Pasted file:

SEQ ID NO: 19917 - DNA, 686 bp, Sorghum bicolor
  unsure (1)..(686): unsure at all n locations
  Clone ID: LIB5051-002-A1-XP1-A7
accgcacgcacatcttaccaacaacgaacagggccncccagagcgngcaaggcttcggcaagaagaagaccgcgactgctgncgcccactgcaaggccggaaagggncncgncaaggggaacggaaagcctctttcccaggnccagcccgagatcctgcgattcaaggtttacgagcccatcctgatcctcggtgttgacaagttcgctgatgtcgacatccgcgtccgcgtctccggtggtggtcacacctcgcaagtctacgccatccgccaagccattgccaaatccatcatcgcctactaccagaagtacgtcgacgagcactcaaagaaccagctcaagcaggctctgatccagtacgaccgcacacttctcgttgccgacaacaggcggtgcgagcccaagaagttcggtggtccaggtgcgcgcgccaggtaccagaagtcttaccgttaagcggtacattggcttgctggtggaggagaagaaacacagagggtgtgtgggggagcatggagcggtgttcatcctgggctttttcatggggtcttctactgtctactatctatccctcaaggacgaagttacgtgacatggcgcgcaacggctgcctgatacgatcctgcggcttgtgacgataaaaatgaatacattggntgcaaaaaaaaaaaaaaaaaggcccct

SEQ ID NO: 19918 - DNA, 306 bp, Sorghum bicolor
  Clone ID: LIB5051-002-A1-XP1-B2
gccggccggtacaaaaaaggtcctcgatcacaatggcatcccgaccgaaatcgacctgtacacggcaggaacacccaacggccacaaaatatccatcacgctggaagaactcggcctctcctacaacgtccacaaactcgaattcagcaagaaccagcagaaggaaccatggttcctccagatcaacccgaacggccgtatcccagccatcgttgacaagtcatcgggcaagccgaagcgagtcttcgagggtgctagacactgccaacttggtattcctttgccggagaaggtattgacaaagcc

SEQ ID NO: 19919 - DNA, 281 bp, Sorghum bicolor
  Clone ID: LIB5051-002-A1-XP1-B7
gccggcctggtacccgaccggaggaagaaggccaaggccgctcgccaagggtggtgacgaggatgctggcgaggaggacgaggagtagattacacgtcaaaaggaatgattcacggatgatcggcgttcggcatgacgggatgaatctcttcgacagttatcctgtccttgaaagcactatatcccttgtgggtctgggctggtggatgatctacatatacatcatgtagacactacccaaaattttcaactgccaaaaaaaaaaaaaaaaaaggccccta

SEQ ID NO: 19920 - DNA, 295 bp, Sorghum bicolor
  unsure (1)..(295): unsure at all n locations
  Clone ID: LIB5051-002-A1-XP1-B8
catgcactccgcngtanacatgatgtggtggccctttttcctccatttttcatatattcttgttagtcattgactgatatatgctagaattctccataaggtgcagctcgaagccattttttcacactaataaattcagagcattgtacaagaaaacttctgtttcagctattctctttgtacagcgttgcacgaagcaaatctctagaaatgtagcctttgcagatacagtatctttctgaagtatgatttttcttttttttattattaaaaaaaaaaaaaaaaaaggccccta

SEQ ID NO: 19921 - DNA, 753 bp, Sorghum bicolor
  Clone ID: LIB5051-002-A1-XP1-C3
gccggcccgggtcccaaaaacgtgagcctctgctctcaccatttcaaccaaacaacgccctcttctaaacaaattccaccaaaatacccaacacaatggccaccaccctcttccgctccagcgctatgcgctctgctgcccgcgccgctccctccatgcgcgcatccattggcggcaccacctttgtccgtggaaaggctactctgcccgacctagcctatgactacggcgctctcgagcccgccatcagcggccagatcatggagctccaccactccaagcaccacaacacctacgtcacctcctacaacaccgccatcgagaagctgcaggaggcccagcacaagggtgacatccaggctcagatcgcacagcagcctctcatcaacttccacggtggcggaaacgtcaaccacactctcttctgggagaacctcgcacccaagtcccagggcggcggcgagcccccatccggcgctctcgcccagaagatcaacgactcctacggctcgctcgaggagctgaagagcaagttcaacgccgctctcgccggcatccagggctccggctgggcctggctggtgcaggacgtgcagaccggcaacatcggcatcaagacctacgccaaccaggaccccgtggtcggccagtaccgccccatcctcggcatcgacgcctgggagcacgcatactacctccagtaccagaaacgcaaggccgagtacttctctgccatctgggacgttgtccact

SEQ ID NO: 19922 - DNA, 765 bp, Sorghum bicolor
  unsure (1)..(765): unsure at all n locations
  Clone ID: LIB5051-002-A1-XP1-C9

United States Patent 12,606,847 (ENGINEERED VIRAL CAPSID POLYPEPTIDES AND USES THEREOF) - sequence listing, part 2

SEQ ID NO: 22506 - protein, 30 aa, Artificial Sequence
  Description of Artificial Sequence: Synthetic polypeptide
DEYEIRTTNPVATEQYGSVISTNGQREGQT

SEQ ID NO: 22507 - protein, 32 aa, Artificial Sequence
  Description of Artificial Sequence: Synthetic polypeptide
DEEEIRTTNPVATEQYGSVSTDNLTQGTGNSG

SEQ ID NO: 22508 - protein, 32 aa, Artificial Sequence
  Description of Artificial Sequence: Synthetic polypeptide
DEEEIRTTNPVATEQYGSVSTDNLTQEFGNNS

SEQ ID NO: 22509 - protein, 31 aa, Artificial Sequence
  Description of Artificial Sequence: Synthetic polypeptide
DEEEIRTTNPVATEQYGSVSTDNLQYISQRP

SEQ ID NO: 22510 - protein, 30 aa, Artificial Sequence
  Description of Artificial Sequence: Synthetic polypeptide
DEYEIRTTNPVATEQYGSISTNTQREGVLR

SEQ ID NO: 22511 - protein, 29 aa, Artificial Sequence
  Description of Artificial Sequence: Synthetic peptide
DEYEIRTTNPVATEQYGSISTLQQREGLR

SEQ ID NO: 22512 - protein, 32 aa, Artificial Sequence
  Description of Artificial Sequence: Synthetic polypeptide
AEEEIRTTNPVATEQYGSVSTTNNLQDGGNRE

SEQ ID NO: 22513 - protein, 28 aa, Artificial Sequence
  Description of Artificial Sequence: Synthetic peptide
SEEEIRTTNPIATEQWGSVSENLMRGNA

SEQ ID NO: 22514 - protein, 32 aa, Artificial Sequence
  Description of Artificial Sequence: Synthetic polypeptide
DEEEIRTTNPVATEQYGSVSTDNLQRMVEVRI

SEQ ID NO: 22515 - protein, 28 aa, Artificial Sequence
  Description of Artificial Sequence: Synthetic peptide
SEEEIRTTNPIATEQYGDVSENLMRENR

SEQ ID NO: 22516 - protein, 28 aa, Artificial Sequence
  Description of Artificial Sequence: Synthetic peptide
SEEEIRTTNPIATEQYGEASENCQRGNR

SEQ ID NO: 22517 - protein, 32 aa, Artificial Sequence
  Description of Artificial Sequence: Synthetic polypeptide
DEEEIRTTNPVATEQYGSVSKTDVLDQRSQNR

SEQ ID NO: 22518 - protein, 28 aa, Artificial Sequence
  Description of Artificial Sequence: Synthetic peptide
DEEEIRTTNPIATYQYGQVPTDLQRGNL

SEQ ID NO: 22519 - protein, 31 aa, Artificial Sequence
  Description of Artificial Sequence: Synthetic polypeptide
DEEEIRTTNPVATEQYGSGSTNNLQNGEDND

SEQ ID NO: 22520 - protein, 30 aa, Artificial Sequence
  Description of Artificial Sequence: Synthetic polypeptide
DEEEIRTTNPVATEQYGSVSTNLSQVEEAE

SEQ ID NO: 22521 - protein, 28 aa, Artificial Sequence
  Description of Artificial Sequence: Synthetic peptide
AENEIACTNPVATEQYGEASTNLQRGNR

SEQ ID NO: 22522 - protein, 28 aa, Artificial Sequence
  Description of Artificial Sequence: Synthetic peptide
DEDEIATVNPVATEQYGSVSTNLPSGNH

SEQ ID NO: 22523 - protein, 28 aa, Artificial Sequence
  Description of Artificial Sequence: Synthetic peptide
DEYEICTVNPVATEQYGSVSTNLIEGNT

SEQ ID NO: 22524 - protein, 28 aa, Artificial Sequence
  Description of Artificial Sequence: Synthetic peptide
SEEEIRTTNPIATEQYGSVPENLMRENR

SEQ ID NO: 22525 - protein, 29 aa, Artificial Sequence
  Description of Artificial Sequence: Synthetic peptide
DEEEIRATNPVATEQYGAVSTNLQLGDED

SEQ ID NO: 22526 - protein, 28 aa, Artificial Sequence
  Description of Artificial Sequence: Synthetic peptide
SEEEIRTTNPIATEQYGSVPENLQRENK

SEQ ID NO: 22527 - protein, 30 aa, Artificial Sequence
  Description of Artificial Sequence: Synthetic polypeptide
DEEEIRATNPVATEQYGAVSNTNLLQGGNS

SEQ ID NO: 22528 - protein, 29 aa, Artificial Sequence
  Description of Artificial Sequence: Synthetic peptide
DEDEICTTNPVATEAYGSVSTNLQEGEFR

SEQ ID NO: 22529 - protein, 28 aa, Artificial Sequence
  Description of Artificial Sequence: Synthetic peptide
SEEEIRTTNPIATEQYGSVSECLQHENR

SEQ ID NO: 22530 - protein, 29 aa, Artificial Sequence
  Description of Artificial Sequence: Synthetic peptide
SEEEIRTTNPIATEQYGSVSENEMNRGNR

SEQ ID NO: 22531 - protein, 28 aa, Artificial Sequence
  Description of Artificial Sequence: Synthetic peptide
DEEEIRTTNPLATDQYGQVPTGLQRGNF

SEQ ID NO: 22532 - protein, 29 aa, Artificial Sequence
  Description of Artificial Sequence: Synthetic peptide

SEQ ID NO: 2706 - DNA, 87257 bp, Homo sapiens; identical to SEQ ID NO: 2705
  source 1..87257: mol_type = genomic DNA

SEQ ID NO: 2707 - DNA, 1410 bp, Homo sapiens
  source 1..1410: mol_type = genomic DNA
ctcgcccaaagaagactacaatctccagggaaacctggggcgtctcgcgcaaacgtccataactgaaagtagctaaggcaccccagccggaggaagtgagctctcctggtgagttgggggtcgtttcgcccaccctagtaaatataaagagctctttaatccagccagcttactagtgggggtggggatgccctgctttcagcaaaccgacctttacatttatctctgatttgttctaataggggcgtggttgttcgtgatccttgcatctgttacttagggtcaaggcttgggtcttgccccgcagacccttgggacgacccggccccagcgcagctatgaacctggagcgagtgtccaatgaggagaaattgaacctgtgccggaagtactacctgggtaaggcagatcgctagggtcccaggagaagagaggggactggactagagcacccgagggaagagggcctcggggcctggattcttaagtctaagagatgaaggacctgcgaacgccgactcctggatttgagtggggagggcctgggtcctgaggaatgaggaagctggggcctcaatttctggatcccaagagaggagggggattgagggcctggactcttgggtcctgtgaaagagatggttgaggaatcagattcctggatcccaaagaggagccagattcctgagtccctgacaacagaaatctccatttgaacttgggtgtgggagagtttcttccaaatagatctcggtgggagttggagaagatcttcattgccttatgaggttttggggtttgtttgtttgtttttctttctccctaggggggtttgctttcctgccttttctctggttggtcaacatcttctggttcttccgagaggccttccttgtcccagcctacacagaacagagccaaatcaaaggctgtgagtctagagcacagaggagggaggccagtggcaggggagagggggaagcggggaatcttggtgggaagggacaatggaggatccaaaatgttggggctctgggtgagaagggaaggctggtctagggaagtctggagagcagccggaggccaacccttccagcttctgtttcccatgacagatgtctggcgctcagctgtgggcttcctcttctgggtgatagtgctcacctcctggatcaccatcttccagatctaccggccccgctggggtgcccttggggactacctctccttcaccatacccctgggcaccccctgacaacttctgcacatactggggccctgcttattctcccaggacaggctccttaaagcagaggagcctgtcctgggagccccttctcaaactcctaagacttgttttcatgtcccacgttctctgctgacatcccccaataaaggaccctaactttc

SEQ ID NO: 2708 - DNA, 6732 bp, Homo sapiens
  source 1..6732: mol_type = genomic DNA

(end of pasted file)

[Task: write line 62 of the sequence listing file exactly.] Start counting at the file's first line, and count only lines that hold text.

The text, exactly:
  Description of Artificial Sequence: Synthetic polypeptide